- One Stop Shop (“OSS”) - telecommunications, broadcasting and electronic (“TBE”) services to consumers.
- Import One Stop Shop (“IOSS”) - low-value goods to consumers.
In order to conclude which of the special schemes should (and could) be used by the non-EU suppliers the various factors will need to be taken into account, such as among others: type of the supply, value of the goods, location of the product at the time of the sale (EU or outside EU), involvement of the electronic interface in the sale, etc. There are also several factors that need to be taken into account when assessing where a non-EU supplier should register (so called Member State of identification).
The table below presents simplified overview on special schemes available for non-EU established suppliers under the new rules including basic information on these schemes:
How can PwC Norway help your company to prepare for the new changes?
Although aimed at simplifying VAT obligations for e-commerce businesses carrying out cross-border sales of goods (and certain services) to final EU customers, the application of the new VAT rules as well as the interpretation of the Explanatory Notes could lead to a really complex and time-consuming process. However, it is also true that the drastic changes on VAT e-commerce rules might imply not only challenges and new compliance obligations, but also potential opportunities to Norwegian companies that currently sell online to EU customers.
PwC Norway has experts in EU VAT and Customs legislation and procedures that can assist your company in various ways, in particular:
- Assess the impacts of the rules to be implemented on 1 July 2021 on your business model; including non-compliance risk assessments or evaluation of the impact on the pricing of products.
- Analyze the business and legal implications of the different options available (ordinary VAT registrations in the relevant EU Member States, registration under the OSS/IOSS declarative system, sales through facilitating marketplaces and change in the business models).
- Implement any changes to systems and processes so as to comply with the new rules.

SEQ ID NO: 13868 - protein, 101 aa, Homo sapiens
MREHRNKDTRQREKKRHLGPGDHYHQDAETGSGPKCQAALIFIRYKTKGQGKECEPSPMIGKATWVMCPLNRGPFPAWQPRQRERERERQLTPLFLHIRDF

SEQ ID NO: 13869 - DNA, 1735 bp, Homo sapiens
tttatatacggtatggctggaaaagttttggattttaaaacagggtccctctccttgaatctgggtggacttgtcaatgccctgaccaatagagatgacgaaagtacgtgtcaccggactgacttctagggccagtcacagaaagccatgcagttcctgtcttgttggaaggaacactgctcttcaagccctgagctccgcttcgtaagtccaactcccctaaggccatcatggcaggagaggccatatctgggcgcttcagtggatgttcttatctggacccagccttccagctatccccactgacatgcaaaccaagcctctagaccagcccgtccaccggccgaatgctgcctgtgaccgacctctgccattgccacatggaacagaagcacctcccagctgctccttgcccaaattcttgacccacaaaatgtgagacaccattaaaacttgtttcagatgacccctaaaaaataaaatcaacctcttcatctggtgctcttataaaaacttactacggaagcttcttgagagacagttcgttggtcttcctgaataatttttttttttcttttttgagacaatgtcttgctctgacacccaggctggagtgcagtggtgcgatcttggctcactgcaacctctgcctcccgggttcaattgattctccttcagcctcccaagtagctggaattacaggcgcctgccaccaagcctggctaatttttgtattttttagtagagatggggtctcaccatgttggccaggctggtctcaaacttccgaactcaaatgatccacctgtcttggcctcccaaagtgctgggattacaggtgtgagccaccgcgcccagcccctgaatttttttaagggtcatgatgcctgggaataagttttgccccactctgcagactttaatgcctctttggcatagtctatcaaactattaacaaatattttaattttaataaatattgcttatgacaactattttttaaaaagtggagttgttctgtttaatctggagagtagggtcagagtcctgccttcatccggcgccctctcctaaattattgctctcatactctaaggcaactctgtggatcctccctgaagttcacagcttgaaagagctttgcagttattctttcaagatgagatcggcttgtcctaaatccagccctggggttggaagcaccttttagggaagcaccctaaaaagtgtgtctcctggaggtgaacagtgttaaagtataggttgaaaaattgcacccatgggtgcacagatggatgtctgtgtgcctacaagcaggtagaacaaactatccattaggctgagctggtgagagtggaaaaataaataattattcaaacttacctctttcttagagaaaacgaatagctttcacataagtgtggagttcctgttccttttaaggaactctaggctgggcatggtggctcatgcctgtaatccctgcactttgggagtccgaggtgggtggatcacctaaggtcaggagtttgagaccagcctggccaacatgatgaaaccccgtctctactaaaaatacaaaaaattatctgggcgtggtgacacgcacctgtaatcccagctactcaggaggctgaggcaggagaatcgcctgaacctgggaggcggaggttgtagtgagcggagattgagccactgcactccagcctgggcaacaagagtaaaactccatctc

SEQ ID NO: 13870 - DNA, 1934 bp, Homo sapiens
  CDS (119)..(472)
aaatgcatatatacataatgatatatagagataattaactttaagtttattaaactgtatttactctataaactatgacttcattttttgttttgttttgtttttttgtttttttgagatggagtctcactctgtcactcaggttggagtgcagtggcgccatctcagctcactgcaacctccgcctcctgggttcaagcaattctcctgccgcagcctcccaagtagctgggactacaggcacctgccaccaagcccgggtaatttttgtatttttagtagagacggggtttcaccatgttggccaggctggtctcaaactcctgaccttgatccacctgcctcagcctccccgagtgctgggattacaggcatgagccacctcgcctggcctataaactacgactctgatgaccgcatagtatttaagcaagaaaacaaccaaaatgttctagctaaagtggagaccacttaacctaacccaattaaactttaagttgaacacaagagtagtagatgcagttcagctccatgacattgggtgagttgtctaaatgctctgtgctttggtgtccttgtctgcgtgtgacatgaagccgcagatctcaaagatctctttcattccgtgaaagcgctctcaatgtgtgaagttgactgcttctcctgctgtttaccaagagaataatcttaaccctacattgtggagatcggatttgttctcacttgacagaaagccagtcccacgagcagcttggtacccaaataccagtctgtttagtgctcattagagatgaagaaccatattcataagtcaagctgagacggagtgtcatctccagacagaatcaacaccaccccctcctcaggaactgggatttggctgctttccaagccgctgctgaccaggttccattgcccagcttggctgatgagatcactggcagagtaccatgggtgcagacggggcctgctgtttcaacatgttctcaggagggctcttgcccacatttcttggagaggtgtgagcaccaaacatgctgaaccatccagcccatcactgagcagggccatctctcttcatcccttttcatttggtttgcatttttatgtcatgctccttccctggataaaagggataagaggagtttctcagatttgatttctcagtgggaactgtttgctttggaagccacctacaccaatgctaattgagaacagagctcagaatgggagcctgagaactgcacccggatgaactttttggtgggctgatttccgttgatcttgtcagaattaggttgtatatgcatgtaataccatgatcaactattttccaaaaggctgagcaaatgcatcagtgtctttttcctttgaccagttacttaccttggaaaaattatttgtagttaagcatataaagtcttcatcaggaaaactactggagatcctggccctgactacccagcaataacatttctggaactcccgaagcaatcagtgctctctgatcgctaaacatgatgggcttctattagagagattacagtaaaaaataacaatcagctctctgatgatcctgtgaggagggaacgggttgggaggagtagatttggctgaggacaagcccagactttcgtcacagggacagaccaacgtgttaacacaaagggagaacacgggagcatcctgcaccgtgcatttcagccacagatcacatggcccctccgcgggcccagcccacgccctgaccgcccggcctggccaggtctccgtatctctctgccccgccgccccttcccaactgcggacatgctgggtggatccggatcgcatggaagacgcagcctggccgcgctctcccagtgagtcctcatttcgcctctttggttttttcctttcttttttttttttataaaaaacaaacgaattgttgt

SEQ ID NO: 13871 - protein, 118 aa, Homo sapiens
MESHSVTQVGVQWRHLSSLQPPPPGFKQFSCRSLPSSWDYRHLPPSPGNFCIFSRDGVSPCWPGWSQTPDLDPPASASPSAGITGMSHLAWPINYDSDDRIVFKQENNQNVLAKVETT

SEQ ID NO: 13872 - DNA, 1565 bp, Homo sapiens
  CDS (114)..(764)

- Assist with VAT registration under the OSS/IOSS declarative system in any EU Member State.
- Assist with VAT reporting.
To get a brief overview of how the recently published Explanatory Notes could impact you, and how to start working internally to become fully compliant with the VAT e-commerce package to be implemented next July 2021, do not hesitate to contact us.
This blogpost is written by Diana Geilhufe and Luis Leon Baron.
Jeg heter Luis Leon Baron og jeg har en Master of Law (LL.M.) innen bedriftsbeskatning. Jeg har jobbet med merverdiavgift i PwC Oslo siden august 2019, med internasjonale mva-spørsmål og EU-mva spesialfelt. Mine kunder er selskaper innen forskjellige sektorer, men fellesnevneren er at de er involvert i grenseoverskridende transaksjoner. Jeg bistår også ofte i forsyningskjede-problematikk, og vurderinger av EUs toll- og avgiftspraksis mer generelt. Før jeg kom til Oslo, jobbet jeg fem år i PwC Spania som skatterådgiver innenfor indirekte beskatning.
My name is Luis Leon Baron, and I am a Master of Law (LL.M.) in Corporate Tax Advisory working in the indirect tax team in PwC Oslo. I joined the indirect tax practice of PwC Norway in August 2019. I specialize in international and EU VAT issues and have a broad experience in advising companies from different business sectors. I am usually involved in the analysis of cross-border transactions and supply-chain issues from a VAT standpoint, but have been also involved in projects regarding the EU customs and excise duties practice in the past. Prior to that I worked five years in PwC Spain also as an indirect tax advisor.